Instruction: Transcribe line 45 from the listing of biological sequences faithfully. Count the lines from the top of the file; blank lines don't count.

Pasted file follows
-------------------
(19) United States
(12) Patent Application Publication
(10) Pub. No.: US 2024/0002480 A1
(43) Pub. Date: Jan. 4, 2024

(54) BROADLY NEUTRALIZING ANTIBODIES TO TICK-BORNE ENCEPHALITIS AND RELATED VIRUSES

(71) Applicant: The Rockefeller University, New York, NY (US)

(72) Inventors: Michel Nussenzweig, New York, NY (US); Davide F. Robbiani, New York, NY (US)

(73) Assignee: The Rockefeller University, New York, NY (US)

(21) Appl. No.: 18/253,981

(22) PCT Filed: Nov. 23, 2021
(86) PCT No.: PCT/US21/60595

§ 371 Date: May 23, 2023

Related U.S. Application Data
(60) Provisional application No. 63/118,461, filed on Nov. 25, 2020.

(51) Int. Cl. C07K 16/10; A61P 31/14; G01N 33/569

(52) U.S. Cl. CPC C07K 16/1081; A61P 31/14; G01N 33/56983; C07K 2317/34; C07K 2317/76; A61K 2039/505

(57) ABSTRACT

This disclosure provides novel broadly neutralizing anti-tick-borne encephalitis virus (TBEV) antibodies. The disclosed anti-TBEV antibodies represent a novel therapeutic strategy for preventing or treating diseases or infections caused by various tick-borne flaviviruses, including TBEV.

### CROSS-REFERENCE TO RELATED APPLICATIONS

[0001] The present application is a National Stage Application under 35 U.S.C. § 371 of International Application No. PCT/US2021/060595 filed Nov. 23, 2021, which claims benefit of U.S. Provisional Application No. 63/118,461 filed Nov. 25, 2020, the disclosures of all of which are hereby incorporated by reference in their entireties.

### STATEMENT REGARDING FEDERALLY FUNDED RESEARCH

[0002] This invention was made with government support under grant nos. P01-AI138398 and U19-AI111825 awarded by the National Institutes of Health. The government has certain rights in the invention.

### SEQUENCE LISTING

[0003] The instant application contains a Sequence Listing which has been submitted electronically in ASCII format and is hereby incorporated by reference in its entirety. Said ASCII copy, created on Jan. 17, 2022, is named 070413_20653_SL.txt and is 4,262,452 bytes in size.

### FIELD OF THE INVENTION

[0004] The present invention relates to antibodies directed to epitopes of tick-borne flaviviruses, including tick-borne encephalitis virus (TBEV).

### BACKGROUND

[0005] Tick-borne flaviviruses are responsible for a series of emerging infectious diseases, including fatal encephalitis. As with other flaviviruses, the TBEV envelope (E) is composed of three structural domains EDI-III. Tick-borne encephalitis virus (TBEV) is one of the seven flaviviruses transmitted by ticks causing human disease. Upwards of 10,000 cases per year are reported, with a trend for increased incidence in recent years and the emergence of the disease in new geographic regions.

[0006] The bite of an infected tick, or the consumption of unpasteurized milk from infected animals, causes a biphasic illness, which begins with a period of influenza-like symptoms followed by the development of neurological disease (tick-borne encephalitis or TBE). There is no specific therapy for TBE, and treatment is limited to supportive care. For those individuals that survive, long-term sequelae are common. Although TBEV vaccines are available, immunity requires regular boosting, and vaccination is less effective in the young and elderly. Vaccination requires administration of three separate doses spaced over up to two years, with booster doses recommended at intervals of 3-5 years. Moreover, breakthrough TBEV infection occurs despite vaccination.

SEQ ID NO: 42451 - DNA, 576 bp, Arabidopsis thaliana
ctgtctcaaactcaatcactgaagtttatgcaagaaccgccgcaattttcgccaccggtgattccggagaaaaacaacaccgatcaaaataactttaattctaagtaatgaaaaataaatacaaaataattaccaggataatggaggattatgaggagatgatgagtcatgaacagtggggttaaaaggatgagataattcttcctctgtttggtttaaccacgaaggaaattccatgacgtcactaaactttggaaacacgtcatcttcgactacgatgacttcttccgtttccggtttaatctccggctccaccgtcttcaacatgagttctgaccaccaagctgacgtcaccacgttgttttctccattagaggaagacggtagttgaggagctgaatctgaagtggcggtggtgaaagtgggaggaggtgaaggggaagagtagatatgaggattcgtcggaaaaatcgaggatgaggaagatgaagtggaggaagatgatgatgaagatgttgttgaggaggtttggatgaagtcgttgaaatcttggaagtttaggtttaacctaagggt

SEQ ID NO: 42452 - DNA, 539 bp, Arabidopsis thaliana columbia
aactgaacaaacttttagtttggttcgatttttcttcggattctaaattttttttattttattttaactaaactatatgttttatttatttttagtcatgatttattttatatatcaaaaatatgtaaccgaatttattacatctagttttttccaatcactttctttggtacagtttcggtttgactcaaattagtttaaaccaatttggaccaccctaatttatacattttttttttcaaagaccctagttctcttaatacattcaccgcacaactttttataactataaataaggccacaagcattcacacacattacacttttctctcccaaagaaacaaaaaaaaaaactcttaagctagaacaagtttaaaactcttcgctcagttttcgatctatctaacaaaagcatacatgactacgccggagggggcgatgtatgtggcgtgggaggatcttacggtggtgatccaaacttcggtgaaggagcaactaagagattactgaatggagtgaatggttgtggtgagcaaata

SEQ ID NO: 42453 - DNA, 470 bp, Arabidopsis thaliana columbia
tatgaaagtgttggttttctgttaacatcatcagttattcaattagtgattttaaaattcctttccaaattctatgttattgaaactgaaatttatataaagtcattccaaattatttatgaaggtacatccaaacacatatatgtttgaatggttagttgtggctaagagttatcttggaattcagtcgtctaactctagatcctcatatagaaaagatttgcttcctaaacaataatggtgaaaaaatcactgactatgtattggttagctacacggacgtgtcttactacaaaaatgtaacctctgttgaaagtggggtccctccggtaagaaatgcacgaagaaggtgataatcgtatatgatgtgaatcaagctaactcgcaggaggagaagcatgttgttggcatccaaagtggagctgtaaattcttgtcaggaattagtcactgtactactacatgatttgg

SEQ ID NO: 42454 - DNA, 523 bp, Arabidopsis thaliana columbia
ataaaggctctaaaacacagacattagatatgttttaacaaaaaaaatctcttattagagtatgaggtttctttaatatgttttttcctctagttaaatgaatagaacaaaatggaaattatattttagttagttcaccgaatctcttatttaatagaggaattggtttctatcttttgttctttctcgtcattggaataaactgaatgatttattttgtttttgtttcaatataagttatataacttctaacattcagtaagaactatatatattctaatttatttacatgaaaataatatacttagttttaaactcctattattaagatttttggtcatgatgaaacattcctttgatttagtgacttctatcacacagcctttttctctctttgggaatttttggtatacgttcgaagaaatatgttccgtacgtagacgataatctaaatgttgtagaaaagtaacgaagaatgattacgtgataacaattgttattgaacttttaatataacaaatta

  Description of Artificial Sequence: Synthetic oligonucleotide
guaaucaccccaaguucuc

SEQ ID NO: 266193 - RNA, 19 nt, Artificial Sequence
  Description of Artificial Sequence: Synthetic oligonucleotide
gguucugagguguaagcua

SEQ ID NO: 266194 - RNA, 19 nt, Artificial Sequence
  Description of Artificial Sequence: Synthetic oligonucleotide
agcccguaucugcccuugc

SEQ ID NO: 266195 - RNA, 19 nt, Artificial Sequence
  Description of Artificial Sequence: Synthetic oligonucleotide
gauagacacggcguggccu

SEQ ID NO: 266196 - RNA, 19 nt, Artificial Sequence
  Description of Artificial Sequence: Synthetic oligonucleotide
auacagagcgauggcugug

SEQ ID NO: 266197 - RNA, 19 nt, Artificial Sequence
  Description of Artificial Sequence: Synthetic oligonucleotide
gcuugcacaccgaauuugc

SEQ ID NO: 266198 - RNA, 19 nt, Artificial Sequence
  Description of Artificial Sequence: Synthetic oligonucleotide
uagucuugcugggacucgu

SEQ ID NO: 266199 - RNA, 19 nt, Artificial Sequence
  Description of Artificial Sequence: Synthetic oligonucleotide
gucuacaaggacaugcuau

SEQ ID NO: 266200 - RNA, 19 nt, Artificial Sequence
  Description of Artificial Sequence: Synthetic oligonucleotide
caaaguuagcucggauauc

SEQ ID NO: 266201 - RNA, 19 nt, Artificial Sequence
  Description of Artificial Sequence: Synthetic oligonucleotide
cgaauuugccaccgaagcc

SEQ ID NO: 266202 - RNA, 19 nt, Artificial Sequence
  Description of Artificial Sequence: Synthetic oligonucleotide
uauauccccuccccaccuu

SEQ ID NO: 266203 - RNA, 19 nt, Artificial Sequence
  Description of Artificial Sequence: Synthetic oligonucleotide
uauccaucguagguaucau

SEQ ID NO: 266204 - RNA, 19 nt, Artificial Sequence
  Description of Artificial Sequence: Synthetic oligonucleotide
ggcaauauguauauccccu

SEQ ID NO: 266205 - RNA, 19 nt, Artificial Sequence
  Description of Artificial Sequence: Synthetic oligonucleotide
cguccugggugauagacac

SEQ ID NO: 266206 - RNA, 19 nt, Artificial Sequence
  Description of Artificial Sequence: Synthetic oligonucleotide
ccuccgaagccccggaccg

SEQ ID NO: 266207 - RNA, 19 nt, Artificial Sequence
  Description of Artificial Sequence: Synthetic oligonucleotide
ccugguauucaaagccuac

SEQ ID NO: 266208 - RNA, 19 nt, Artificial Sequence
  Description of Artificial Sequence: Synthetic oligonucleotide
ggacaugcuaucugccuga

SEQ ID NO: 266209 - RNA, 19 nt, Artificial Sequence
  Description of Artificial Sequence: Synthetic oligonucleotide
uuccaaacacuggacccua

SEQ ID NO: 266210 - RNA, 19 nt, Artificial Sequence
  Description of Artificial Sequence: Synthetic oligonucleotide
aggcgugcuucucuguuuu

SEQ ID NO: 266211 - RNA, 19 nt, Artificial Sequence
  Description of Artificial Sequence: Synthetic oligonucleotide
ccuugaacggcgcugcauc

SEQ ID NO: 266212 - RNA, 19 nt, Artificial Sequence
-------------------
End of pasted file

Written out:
agcccguaucugcccuugc